Book Image

Game Physics Cookbook

By : Gabor Szauer
Book Image

Game Physics Cookbook

By: Gabor Szauer

Overview of this book

Physics is really important for game programmers who want to add realism and functionality to their games. Collision detection in particular is a problem that affects all game developers, regardless of the platform, engine, or toolkit they use. This book will teach you the concepts and formulas behind collision detection. You will also be taught how to build a simple physics engine, where Rigid Body physics is the main focus, and learn about intersection algorithms for primitive shapes. You’ll begin by building a strong foundation in mathematics that will be used throughout the book. We’ll guide you through implementing 2D and 3D primitives and show you how to perform effective collision tests for them. We then pivot to one of the harder areas of game development—collision detection and resolution. Further on, you will learn what a Physics engine is, how to set up a game window, and how to implement rendering. We’ll explore advanced physics topics such as constraint solving. You’ll also find out how to implement a rudimentary physics engine, which you can use to build an Angry Birds type of game or a more advanced game. By the end of the book, you will have implemented all primitive and some advanced collision tests, and you will be able to read on geometry and linear Algebra formulas to take forward to your own games!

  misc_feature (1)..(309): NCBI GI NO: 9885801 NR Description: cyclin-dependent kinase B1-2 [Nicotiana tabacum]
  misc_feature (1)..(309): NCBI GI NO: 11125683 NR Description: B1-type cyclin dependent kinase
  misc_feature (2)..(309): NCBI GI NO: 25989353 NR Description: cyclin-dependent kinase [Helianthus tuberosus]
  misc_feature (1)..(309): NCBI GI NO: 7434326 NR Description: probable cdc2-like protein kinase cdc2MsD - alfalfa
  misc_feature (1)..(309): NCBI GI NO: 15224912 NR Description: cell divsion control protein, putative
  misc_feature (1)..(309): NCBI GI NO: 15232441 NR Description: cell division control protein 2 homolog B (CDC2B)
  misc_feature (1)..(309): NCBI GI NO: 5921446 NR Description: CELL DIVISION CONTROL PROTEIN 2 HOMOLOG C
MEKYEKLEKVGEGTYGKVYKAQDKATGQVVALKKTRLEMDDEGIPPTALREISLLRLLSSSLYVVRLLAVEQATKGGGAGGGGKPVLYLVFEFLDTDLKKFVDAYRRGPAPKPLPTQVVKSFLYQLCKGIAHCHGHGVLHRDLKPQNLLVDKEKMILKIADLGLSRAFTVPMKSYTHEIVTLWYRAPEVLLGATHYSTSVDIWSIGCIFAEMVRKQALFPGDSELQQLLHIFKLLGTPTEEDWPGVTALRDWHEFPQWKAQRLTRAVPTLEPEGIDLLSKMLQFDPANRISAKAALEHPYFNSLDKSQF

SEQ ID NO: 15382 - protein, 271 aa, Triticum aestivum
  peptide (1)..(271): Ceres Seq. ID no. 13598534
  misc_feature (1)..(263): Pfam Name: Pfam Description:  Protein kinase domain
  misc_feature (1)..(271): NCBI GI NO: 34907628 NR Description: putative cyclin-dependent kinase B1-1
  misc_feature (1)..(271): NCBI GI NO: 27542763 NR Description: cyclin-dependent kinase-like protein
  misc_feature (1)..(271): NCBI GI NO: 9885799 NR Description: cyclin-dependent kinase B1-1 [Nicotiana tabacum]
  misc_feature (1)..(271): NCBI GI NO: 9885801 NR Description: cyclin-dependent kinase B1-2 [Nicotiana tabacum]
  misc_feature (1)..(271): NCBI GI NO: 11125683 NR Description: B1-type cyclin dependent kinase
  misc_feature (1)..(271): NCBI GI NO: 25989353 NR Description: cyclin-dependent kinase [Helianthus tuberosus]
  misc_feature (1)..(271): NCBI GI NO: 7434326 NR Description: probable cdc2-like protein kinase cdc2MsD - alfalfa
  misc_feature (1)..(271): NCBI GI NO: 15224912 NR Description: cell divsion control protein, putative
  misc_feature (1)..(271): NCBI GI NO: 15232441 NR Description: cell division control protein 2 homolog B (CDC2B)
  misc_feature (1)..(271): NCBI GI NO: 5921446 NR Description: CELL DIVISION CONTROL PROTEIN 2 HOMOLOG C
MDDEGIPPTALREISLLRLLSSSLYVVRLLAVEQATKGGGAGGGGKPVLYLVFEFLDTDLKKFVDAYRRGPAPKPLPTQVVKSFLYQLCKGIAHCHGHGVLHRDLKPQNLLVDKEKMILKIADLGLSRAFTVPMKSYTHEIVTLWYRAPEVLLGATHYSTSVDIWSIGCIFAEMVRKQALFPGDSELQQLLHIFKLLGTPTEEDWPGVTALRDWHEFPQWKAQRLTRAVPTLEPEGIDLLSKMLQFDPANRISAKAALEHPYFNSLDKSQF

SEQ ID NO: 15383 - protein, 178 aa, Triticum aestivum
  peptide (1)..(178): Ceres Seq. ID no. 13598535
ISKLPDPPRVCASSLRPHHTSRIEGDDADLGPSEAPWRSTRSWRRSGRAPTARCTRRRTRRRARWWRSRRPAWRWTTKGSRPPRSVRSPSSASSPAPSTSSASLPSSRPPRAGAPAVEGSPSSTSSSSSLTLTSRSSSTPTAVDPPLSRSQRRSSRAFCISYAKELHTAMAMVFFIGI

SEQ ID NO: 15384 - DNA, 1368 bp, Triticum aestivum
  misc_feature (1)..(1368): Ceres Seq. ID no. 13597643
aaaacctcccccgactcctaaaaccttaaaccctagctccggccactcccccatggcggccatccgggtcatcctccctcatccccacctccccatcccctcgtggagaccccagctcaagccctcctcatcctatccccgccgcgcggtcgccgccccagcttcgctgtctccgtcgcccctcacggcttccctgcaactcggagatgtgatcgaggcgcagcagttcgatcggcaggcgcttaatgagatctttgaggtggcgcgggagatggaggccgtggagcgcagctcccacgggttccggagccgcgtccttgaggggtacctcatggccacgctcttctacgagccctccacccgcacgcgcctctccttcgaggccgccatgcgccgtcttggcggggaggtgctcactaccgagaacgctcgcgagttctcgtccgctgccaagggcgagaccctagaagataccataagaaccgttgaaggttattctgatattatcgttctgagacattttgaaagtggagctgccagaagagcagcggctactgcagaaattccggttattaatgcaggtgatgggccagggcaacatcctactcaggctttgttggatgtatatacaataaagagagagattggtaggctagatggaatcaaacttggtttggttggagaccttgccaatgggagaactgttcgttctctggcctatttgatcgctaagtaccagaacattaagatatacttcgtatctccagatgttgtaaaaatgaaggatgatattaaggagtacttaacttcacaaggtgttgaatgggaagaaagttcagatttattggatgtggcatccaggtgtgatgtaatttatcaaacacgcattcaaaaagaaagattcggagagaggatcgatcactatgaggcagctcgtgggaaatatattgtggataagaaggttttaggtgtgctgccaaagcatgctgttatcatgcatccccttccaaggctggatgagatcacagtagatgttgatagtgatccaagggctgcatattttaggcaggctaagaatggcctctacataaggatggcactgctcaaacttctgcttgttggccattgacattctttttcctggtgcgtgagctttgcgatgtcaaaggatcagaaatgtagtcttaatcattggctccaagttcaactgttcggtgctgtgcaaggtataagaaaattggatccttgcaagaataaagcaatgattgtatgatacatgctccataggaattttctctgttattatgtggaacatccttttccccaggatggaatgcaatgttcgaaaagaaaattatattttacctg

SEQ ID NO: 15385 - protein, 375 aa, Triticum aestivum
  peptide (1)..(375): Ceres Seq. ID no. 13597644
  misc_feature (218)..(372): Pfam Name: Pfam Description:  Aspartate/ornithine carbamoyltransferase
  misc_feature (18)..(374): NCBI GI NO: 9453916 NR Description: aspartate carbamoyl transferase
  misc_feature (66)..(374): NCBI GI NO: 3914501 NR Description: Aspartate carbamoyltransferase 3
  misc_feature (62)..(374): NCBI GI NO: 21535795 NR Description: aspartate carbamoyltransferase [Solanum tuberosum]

Table of Contents (27 chapters)
Game Physics Cookbook
About the Author
About the Reviewer
Customer Feedback


We briefly introduced springs in Chapter 16, Springs and Joints. We saw how we can use springs to create soft bodies like cloth. In this section, we will explore other uses of springs.

Collision resolution

If we know the collision point, depth, and normal, we can use springs to resolve the collision. This method works by placing a temporary spring at the point of contact that will push objects apart in the direction of the contact normal. The spring should exert just enough force to push the two bodies apart.

The force that the spring exerts on the rigid bodies is called a penalty force. Due to this terminology, using springs to resolve collisions is often called penalty based collision resolution; the following image demonstrates this:

While this method can be used to create stable physics, finding the right k value for the springs often becomes a guessing game. Using the wrong k value can lead to excessive jitter and bouncy objects. Due to the difficulty in finding the right k value, penalty springs are rarely used in modern physics engines.

Softbody objects

We created cloth using springs, and we can create other soft bodies using springs as well. For example, let's explore how we can use the same spring systems we used to build cloth to create a soft body cube. We start with eight points and the structural springs between them:

Next, we need to add shear springs to keep the object from collapsing. These springs look like an x on each face. The shear springs tend to keep the object somewhat rigid:

Finally, we need to add bend springs to keep the cube from folding over in its self. These bend springs look like x that cuts the cube diagonally in half:

With this configuration, eight particles are connected by twenty eight springs. This creates a soft body cube. If the springs are rigid, the cube acts like a rigid body. If the springs are loose, the cube acts like jello. We can use the same three spring systems to make other shapes, such as pyramids, into soft bodies.